The toughest moments for those of us who chart publicly are those right after calling a significant top or bottom. There are some instances when pretty much everyone and their mother can see a turn coming. Other times, it feels like you’re sailing through the air, frantically searching for the catcher and hoping he hasn’t chosen this moment to take an unannounced coffee break.
The first wave down after any significant top is just plain fun. It worked! Sit back, bask in the glory, etc. Then comes the corrective wave. Heart-in-throat time. You know it’s going to retrace some of that first wave down, but how much? Most chartists develop sweaty palms around 61.8%. Your stomach starts churning at 78.6%. At 88.6%, time for your favorite vice. And, God help us if it’s a double top.
Following an analog is generally the worst. Virtually no one else sees it coming, and there is a long list of reasons you’re probably wrong. Taking a tour around the net last night, that certainly seems to be the case now. The euro is soaring, the dollar is tanking, and the market has spurted 80 points in two weeks — only 50 points from a five-year high.
It’s made even worse if the first wave down didn’t break out/down of whatever chart pattern it was in. Yesterday’s reversal was impressive — going from up almost 8 points to down 8.But, we never quite reached my 1424.41 target — coming up .68 short — not to mention the Inverted H&S target.
And, we haven’t yet broken down from the rising wedge. A re-test of the high is officially on the table until that happens — hence the importance of using stops.
Once the wedge is broken, the next support is usually either an important Fib level or a morphing of the wedge into a channel. In this case, we have strong horizontal and Fib support at 1400. If we convert the wedge to a channel, it has a mid-line currently around 1402 and a channel bottom around 1390.
A rising channel would be bullish, of course. And, I haven’t a bullish bone in my body right now. We draw it, though, because we have to try to get inside the head of all the bulls out there and figure out where they’re likely to jump in and buy. Channel mid-lines and bottoms, as well as important Fib levels, definitely qualify.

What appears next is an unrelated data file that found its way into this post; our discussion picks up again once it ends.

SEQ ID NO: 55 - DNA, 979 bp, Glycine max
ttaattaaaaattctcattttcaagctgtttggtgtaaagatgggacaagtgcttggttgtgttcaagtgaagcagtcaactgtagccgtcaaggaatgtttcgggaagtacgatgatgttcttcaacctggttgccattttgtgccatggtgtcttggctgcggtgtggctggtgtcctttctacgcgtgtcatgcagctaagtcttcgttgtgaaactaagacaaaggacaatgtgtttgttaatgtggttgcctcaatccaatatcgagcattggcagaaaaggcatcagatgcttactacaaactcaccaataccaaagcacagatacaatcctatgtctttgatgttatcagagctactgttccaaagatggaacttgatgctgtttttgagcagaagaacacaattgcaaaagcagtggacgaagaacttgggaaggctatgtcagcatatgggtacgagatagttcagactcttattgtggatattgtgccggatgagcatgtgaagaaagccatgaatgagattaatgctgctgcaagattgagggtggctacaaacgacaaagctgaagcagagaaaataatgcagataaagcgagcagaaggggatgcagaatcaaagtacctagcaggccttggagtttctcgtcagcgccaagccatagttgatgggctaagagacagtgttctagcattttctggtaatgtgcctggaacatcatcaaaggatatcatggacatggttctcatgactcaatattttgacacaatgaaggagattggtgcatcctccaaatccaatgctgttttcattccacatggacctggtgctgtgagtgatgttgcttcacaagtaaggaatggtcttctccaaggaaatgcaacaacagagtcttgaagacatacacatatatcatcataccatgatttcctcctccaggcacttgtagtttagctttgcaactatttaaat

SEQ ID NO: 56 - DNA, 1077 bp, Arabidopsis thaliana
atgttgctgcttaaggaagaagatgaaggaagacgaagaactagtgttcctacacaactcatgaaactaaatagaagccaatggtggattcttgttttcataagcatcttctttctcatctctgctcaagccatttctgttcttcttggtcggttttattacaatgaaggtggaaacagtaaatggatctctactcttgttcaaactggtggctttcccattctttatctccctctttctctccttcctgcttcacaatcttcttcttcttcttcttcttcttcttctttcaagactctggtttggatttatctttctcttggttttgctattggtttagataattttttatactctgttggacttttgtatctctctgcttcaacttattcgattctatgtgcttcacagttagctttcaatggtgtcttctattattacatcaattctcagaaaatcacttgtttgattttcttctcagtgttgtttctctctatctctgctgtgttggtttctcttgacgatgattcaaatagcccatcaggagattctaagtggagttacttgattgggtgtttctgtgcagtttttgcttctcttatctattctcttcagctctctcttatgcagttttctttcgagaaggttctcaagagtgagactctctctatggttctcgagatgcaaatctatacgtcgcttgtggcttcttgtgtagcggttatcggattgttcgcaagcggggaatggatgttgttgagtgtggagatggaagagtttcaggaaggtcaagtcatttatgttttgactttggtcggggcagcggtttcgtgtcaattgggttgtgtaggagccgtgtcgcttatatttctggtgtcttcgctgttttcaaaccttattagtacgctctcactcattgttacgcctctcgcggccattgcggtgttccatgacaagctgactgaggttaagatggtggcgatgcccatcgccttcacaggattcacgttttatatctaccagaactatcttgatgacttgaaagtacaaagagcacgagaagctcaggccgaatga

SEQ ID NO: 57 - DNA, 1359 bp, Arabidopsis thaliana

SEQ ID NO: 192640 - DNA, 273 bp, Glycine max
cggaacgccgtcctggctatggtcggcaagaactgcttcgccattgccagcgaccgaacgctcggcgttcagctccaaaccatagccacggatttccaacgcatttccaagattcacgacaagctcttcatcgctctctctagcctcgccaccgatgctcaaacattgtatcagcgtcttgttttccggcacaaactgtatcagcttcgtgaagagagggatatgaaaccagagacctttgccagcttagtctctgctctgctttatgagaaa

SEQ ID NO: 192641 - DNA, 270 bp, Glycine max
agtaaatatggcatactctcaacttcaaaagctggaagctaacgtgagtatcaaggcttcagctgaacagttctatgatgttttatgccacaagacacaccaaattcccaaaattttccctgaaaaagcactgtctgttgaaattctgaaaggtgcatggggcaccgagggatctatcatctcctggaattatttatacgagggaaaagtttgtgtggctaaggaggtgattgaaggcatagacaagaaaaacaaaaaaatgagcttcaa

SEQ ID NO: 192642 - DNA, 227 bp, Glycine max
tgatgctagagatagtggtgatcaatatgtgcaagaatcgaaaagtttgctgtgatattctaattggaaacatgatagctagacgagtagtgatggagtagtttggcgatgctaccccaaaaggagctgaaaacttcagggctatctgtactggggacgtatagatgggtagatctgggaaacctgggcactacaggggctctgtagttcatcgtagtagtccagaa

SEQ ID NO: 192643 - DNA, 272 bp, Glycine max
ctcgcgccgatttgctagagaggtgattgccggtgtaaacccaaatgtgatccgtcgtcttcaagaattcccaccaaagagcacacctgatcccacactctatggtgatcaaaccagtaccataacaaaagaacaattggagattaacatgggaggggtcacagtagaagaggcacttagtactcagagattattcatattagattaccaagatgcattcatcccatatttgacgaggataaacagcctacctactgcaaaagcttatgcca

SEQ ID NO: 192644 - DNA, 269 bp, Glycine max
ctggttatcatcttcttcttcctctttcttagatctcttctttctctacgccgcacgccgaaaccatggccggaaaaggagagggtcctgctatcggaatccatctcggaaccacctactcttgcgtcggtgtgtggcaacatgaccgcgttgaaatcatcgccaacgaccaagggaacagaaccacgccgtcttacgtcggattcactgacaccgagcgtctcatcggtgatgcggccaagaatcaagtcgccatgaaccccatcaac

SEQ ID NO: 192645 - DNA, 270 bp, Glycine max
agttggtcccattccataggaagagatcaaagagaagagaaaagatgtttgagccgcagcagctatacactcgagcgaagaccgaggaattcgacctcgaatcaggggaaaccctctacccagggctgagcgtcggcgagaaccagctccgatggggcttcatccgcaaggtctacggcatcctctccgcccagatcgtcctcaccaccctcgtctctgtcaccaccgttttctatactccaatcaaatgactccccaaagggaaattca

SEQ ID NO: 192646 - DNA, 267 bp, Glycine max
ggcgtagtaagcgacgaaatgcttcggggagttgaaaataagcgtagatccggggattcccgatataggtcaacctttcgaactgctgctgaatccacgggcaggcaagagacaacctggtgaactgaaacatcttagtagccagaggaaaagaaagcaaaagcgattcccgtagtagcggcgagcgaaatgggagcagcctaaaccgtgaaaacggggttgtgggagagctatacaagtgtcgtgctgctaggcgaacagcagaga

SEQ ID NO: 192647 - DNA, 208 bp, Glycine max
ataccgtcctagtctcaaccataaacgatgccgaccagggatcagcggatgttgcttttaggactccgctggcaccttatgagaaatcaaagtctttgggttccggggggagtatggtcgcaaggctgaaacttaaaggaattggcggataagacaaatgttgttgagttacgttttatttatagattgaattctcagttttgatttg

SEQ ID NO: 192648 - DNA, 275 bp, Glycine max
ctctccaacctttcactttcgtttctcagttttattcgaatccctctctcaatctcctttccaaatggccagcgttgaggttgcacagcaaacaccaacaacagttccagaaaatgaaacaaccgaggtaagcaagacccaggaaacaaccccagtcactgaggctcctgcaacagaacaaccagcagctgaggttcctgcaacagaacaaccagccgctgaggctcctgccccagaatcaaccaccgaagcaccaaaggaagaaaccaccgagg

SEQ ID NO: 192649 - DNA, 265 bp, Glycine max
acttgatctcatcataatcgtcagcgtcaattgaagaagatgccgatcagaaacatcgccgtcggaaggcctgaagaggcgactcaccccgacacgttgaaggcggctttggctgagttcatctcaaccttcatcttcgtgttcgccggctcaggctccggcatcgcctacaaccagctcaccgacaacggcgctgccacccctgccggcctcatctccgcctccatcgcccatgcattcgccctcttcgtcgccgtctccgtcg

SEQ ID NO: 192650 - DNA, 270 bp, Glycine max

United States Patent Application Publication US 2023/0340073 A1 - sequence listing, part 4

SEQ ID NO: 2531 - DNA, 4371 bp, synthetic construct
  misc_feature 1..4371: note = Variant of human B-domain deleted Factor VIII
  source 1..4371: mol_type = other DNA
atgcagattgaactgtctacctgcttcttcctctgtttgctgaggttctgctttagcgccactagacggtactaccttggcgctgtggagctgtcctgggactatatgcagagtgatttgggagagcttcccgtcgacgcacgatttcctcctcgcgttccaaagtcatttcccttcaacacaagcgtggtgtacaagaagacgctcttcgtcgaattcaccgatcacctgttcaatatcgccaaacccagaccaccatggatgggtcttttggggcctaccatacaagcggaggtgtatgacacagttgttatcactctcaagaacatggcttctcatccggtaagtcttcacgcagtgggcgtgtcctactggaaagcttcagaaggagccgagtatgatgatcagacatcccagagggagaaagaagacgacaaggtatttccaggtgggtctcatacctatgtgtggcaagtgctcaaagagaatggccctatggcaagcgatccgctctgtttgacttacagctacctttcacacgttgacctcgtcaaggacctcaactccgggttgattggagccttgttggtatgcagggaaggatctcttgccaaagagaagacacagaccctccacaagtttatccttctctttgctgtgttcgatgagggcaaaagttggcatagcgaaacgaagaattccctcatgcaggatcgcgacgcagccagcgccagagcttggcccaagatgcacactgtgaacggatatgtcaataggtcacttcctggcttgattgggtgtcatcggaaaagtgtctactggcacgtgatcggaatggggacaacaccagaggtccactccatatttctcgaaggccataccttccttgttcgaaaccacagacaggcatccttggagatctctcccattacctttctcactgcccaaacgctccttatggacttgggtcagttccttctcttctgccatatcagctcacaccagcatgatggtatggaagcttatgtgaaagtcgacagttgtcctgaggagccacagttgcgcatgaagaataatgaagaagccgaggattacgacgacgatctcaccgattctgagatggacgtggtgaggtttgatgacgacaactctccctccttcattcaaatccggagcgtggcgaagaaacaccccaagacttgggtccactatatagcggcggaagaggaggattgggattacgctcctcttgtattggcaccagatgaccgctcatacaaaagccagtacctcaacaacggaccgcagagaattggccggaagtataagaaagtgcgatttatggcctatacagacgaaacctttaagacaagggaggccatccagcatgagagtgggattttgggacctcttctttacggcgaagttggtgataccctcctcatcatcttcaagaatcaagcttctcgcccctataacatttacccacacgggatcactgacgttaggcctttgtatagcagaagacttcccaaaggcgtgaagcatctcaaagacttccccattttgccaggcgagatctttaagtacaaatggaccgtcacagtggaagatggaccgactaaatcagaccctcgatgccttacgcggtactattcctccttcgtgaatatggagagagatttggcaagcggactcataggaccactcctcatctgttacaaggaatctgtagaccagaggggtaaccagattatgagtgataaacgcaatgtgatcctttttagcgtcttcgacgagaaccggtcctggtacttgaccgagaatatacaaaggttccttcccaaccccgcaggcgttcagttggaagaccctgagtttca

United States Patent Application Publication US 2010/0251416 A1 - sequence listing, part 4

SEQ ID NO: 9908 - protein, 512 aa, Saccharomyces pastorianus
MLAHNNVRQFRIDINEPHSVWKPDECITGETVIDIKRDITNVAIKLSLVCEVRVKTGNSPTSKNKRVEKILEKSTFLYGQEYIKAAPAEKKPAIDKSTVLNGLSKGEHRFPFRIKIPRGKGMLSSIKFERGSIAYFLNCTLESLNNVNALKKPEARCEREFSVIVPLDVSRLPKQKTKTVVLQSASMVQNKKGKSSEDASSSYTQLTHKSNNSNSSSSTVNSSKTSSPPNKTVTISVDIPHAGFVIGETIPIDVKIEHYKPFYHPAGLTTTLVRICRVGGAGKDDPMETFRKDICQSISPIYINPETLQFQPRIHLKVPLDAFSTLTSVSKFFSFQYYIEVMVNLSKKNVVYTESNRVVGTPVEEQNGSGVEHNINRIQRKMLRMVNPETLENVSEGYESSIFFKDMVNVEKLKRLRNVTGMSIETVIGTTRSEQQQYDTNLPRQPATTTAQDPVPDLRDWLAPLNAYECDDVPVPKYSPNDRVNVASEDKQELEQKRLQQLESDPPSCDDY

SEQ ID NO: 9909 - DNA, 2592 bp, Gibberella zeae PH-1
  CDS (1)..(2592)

UPDATE: 11:35 AM
Nice reversal off this morning’s highs again, turning a 4-pt gain into a 4.5-pt loss where SPX bounced off the 10-day SMA (in red below, currently 1405.37.) The SMA 20 (white) is down around 1392 and, like the 50 (blue, 1419), is due to continue falling. Fifty sessions ago was Sep 20, two sessions post the Sep 14 high of 1474. So, all else being equal, the SMA 50 should start coming down as those higher components to the moving average roll off.
The 200-day moving average (thicker red) is down at 1385, so it’ll be a while before the 50/200 cross. And, we are officially back below the 100-day (thicker yellow) at 1410.59. Look for the 50/100 cross in the next few days.
The next battles involving moving averages will likely come at 1380, involving the SMA 200 and the SMA 20 at the intersection of the bottom of the rising white channel and the top of the falling red channel. The 50% retracement of the 1343 to 1423 rally is at 1383.54, which intersects with both channels on Thursday.
So, we’ll keep an eye out for a significant bounce Thursday at 1383ish. Remember, the .786 of the 1576 – 666 crash is right there at 1381.50. And, bulls will want to limit this “correction’s” downside to the next Fib level lower — on the way to new highs, of course.
The EURUSD, in the meantime, has reached Sunday’s upside target of the .886 at 1.3084 and has completed a fairly decent looking rising wedge of its own.
The dollar has reached the bottom of the white channel we charted Sunday [see: DX Update], just beyond a .618 retrace of the move up from 78.725. It appears to be basing for a move higher.
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